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Yale student turns 5-day mumps quarantine into the best Snapchat story ever
Like ‘Bubble Boy,’ but with a smartphone.
When Yale University freshman Tarek Ziad was stuck in mumps quarantine for five days, he had access to little more than an inaudible TV, boxes of medical gloves, a pillow, and a value pack of 3 Musketeers chocolate bars.
With the help of his smart phone, however, Ziad made the best of a shitty situation to create a Cast Away-caliber masterpiece that deserves a Golden Globe award of its own.
From being BFFs with an apple sauce cup, a gay pillow, and an inflated latex glove named Sally, to critiquing the pros and cons of his own mumps bunker, Ziad’s story is quite possibly the strongest example of turning lemons into lemonade.
“I’ve got to say, if there’s one thing Yale Health has going for it it’s the abundance and variety of containers—we’ve got this pink container, and then this slightly smaller…” Ziad compliments before getting cut off in one snap.
“You know, in this room, nothing else really matters. Donald Trump can be president and that won’t really get me in this room. You could all die—I wouldn’t know,” Ziad waxes poetic in another.
Ziad told the Daily Dot that, yes, he was able to preoccupy himself with other tasks when he wasn’t making fun of the furniture in his make-shift doomsday pod.
“Yeah, it was a little rough being quarantined two weeks before finals. But I got a lot of help from my college dean and teachers with getting all my work in,” Zaid wrote via Facebook Messenger. “Basically I just slept, ate, did homework, or went on my computer (I was able to have a visitor bring my laptop).”
According to Yale News, Ziad was one of two students on campus suspected of having mumps in November. He visited the campus health clinic on Nov. 28 when the left side of his face became swollen, then was placed in quarantine for five days. After the quarantine ended, Yale Health found Ziad’s mumps test results were “inconclusive.”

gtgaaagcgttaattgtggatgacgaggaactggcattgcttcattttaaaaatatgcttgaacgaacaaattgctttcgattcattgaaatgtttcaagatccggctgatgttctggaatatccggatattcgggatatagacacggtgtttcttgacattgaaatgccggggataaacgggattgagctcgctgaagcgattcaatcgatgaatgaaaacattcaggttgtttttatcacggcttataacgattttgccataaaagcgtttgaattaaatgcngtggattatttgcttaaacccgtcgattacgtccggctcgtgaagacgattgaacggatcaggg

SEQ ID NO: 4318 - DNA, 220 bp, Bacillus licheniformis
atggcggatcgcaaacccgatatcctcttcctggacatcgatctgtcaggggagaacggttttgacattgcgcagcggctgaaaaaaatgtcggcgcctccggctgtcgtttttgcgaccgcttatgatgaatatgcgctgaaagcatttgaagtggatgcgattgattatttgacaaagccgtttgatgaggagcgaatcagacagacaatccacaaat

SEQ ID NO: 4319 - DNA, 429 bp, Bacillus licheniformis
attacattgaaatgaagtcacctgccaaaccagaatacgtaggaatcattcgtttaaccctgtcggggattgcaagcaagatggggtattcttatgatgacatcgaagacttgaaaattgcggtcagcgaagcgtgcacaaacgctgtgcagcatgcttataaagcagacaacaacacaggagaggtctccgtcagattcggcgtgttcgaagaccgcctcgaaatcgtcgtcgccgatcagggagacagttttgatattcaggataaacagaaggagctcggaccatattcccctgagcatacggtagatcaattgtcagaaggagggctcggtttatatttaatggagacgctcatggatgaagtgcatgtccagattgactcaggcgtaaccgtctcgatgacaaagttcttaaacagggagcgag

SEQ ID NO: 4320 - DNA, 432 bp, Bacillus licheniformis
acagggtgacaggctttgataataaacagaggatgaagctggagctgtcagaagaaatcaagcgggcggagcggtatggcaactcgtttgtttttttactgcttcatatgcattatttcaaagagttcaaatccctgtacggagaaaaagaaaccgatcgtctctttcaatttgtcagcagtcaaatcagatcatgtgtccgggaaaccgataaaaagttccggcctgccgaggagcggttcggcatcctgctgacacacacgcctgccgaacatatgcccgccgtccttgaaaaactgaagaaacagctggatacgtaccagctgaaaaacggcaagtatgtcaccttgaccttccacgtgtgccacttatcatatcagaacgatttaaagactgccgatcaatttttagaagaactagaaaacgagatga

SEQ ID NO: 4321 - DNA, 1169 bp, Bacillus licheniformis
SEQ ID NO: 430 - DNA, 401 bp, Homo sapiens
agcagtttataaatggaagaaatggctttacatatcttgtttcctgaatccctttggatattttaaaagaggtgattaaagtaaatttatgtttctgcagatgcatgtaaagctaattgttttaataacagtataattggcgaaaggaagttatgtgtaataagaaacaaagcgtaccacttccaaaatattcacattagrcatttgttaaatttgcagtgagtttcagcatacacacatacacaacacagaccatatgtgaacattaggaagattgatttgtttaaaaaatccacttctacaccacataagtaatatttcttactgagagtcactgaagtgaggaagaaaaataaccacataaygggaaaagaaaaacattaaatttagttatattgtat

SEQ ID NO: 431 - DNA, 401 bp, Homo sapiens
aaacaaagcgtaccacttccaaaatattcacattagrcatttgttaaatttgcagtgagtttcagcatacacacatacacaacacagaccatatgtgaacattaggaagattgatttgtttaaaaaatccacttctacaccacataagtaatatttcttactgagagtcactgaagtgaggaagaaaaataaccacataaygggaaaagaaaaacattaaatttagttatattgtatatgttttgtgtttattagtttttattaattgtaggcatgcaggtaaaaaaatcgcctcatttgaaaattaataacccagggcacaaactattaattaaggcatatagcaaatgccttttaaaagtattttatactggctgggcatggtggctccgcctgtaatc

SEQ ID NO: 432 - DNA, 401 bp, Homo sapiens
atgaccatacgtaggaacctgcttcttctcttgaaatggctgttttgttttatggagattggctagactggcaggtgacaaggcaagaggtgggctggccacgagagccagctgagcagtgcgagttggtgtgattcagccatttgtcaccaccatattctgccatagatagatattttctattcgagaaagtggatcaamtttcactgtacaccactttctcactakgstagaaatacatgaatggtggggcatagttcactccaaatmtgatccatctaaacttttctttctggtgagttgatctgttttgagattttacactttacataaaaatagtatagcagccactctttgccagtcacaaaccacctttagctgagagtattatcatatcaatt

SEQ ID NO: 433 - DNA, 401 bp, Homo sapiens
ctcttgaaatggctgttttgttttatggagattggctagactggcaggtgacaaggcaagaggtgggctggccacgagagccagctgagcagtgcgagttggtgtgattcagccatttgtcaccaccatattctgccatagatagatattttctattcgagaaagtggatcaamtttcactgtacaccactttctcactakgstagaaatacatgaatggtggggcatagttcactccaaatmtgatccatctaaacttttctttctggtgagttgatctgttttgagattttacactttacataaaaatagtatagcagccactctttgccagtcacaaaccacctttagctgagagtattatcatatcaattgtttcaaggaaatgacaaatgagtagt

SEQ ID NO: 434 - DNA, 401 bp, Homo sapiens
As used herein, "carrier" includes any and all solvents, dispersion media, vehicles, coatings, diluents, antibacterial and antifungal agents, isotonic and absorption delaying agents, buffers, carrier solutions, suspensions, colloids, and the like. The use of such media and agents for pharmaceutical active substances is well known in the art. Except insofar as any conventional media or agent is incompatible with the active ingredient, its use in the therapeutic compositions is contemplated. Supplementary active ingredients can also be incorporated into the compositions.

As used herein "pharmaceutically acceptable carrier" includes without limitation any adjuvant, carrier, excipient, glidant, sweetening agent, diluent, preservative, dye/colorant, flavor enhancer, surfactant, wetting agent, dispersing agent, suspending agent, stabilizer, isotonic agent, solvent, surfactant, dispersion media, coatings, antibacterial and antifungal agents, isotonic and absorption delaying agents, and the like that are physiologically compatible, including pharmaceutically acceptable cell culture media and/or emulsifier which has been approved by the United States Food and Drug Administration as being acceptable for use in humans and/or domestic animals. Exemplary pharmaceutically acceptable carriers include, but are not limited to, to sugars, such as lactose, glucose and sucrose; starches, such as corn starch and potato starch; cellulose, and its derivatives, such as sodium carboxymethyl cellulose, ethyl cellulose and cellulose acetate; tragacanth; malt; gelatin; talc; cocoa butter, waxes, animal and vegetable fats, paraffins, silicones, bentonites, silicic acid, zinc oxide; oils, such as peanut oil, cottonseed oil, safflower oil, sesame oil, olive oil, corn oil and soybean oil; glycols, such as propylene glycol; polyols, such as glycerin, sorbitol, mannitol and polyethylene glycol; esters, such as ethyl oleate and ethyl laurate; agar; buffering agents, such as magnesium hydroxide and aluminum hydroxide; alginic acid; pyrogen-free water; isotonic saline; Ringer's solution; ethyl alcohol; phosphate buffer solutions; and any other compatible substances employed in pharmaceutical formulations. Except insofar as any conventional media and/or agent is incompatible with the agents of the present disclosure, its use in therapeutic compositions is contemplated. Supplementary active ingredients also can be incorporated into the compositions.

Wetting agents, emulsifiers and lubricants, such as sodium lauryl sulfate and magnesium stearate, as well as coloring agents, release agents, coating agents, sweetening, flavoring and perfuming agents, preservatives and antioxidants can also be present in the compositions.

“They were not able to grow the virus from my sample, but they said sometimes tests can not work and that they’re pretty sure I had mumps,” Ziad said. “I never heard anything else.”
On Dec. 17, Ziad posted the video of his story to Facebook and made light of his recent Bubble Boy experience.
“I don’t ever post things online. Lots of people just really liked my Snapchat story so I figured I’d save it,” Ziad said. “Then people kept wanting to see it who missed it, so I uploaded it.”
Though Ziad’s Snapchat story is creative and entertaining, he told Yale News that other students lashed out at him for contracting the virus. In a Facebook group for Yale students, Ziad shared that he was the student who contracted the mumps and had received both doses on the mumps vaccine as a child, but the internet felt otherwise.
“I was hurt by people saying, ‘If you’re not vaccinated, don’t come anywhere near me’ or ‘How dumb could you be to not get vaccinated,'” Ziad told Yale News. “I think it’s very easy to say stuff like that if you’re uninformed or you don’t know the person dealing with it.”
Despite the distress, Ziad’s isolation was a great learning experience, even right before taking finals that semester.
“Let me tell you guys, you learn a lot about yourself by never leaving the same room for five days—like I learned that I have a slight predisposition for insanity,” Ziad cheers in one snap. He goes on to say, “But you know this was all actually worth it because I got these great socks! Um, and also years of mental scarring.”
Samantha Grasso is a former IRL staff writer for the Daily Dot with a reporting emphasis on immigration. Her work has appeared on Los Angeles Magazine, Death And Taxes, Revelist, Texts From Last Night, Austin Monthly, and she has previously contributed to Texas Monthly.